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The Time For Peace Is Now
HAVING previously released a collection of Alice Coltrane’s transcendent spiritual music, the David Byrne-founded Luaka Bop provide another public service with The Time For Peace Is Now, a set of obscure 1970s gospel tracks from the American South.
Created at the junction between church and street, there is a real warmth and passion to the music, with “lyrics less about Jesus and more about justice,” according to the liner notes.
“Why in the name of God can’t our leaders see what’s happening to humanity,” ask The Floyd Family Singers on That’s A Sign Of The Times.
Elsewhere, Rev Harvey Gates’s It’s Hard To Live In This Old World has a real sense of melancholy, similar to Gil-Scott Heron’s early 1970s cuts like Home Is Where The Hatred Is.
Musical archaeology at its best.
Ode To Joy
FOLLOWING a year in which frontman Jeff Tweedy released two solo records and published his autobiography, Chicago alt-rockers Wilco return with their 11th studio record.
Made up of “really big, big folk songs,” according to Tweedy, the bleak political climate hangs over proceedings. But this being Wilco, any direct political protest is obscured by inscrutable and personal lyrics, hushed, weary-sounding vocals and Yankee Hotel Foxtrot-style beeps and intricate instrumentation.
A little underwhelming on first hearing, repeated listens uncover a treasure trove of warm, hugely enjoyable music, from the catchy as hell Everybody Hides to the glorious Beatlesy anthems Love Is Everywhere (Beware) and Hold Me Anyway.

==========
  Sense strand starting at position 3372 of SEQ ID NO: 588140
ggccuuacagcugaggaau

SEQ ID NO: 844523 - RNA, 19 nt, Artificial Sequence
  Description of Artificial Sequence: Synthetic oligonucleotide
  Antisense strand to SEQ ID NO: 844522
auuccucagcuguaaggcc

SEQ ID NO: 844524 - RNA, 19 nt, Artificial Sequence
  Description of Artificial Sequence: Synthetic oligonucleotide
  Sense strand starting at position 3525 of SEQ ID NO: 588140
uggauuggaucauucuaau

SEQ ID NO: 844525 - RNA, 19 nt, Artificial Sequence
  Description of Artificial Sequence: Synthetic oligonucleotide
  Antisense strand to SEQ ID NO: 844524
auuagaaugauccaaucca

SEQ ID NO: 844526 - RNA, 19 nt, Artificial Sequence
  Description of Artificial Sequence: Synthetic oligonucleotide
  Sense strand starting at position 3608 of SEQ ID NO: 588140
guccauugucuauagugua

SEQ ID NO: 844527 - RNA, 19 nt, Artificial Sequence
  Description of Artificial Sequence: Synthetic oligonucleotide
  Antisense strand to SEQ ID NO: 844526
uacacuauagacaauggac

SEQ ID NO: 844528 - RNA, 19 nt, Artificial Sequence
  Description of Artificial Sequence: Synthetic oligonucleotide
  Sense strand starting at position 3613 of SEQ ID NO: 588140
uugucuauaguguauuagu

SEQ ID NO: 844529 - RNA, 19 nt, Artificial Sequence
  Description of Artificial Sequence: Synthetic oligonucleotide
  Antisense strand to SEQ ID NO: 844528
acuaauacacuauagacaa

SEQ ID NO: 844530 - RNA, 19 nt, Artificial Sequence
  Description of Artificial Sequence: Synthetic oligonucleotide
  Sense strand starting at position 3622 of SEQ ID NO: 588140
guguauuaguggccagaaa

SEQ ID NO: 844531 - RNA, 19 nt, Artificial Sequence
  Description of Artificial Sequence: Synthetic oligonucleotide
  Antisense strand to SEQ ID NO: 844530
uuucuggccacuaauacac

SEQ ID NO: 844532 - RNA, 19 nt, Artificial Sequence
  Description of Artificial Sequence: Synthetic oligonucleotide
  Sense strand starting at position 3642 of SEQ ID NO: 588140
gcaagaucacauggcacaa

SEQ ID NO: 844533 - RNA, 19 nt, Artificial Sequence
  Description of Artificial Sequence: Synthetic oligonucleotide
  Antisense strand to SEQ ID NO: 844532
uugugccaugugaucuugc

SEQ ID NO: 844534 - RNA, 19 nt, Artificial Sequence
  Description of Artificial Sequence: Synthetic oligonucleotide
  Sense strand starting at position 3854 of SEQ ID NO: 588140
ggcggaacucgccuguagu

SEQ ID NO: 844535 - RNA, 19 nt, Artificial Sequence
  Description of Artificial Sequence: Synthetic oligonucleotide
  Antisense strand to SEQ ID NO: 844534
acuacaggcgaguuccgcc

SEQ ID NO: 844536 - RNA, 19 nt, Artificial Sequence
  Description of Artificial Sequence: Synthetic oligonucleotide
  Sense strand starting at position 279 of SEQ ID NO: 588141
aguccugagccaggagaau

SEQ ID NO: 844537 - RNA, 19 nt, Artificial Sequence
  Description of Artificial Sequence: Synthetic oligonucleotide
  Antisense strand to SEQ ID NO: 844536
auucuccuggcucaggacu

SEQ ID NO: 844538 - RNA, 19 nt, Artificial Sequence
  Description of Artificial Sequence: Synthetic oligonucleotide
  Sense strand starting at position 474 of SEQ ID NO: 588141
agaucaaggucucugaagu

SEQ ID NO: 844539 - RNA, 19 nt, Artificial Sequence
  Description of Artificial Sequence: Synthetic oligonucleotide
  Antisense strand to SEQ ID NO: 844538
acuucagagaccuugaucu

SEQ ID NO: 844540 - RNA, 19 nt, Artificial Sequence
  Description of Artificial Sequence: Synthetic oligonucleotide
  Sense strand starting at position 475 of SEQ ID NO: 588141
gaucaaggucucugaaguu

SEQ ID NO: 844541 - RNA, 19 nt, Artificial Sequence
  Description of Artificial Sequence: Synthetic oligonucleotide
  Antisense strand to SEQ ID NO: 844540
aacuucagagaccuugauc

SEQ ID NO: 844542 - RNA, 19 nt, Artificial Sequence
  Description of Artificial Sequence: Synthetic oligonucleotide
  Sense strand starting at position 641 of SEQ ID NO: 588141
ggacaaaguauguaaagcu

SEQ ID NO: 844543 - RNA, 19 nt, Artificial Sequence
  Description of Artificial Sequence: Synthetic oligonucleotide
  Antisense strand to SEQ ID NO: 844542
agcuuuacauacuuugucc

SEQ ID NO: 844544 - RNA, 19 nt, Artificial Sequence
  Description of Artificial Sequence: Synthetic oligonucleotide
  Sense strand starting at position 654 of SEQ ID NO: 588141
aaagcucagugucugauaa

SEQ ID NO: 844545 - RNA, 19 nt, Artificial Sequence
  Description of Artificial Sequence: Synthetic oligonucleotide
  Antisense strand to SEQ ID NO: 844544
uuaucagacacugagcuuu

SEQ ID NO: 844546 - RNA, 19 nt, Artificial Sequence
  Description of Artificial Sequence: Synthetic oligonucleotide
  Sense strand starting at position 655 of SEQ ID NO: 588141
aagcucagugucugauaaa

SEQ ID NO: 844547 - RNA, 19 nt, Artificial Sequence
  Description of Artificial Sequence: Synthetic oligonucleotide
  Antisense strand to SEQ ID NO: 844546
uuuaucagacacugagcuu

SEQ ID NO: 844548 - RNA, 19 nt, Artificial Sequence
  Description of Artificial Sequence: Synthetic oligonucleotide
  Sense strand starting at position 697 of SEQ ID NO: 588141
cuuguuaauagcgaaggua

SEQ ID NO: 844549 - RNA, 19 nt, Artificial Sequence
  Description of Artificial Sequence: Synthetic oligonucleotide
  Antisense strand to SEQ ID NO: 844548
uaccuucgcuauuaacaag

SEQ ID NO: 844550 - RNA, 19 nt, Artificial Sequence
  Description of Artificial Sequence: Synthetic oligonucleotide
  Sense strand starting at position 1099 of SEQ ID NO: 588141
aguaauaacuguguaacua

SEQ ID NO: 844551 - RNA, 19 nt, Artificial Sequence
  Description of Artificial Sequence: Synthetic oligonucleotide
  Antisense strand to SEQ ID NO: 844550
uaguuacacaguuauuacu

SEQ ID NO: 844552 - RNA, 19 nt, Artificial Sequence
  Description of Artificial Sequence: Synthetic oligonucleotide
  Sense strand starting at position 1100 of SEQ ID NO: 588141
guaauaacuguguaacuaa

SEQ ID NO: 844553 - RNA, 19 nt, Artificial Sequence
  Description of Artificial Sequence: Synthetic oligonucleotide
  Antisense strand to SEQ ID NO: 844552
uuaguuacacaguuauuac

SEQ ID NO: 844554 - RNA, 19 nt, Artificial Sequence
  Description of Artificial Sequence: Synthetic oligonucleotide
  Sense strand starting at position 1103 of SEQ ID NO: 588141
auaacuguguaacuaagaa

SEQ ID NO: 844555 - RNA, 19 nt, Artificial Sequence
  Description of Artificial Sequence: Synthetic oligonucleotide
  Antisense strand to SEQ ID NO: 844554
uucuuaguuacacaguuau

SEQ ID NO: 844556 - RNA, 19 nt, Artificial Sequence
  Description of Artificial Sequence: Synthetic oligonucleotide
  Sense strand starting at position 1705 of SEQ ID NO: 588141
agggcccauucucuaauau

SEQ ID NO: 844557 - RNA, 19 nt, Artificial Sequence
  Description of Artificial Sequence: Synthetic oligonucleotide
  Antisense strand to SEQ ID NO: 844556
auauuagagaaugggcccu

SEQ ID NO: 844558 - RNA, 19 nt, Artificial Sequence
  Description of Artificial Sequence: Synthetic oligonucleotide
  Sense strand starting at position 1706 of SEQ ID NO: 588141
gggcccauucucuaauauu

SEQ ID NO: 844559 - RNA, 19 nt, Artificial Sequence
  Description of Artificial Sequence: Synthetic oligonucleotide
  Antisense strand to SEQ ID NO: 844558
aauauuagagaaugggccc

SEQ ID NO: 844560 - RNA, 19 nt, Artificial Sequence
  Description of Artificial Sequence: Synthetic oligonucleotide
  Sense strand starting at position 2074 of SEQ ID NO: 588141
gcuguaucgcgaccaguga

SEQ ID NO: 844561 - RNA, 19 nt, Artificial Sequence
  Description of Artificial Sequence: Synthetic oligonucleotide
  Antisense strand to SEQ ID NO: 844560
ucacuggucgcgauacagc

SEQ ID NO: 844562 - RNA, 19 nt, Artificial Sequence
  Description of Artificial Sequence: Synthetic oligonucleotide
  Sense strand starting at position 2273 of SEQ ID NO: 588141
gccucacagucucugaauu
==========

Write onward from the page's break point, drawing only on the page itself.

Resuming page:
With the songs centred around the acoustic guitar and more emotionally direct than much of Tweedy’s output, the boldly titled Ode To Joy is a luminous addition to the band’s canon.
RARELY has there been such a mismatch between an artist’s origins and their music. While singer-songwriter Angelina has always lived on the Isle of Wight, her second album is full of fearsome blues-rock that sounds like it was recorded by the Mississippi crossroads where Robert Johnson sold his soul to the Devil.
Or, as she puts it, the record was sparked by “a vision of Bessie Smith roaring around on a burnt-out motorcycle, in some God-forsaken desperate town.”
Bringing to mind the work of God-fearing US band 16 Horsepower, the pounding Ain’t Gonna Let Me is particularly hard-rocking, while the marvellous Bye Bye Bye is built around Tom Petty-style southern-rock guitar riffs and Dylanesque pay-off lines.
Full of musical and emotional drama, Last Cigarette is an intense set that’s difficult to ignore.
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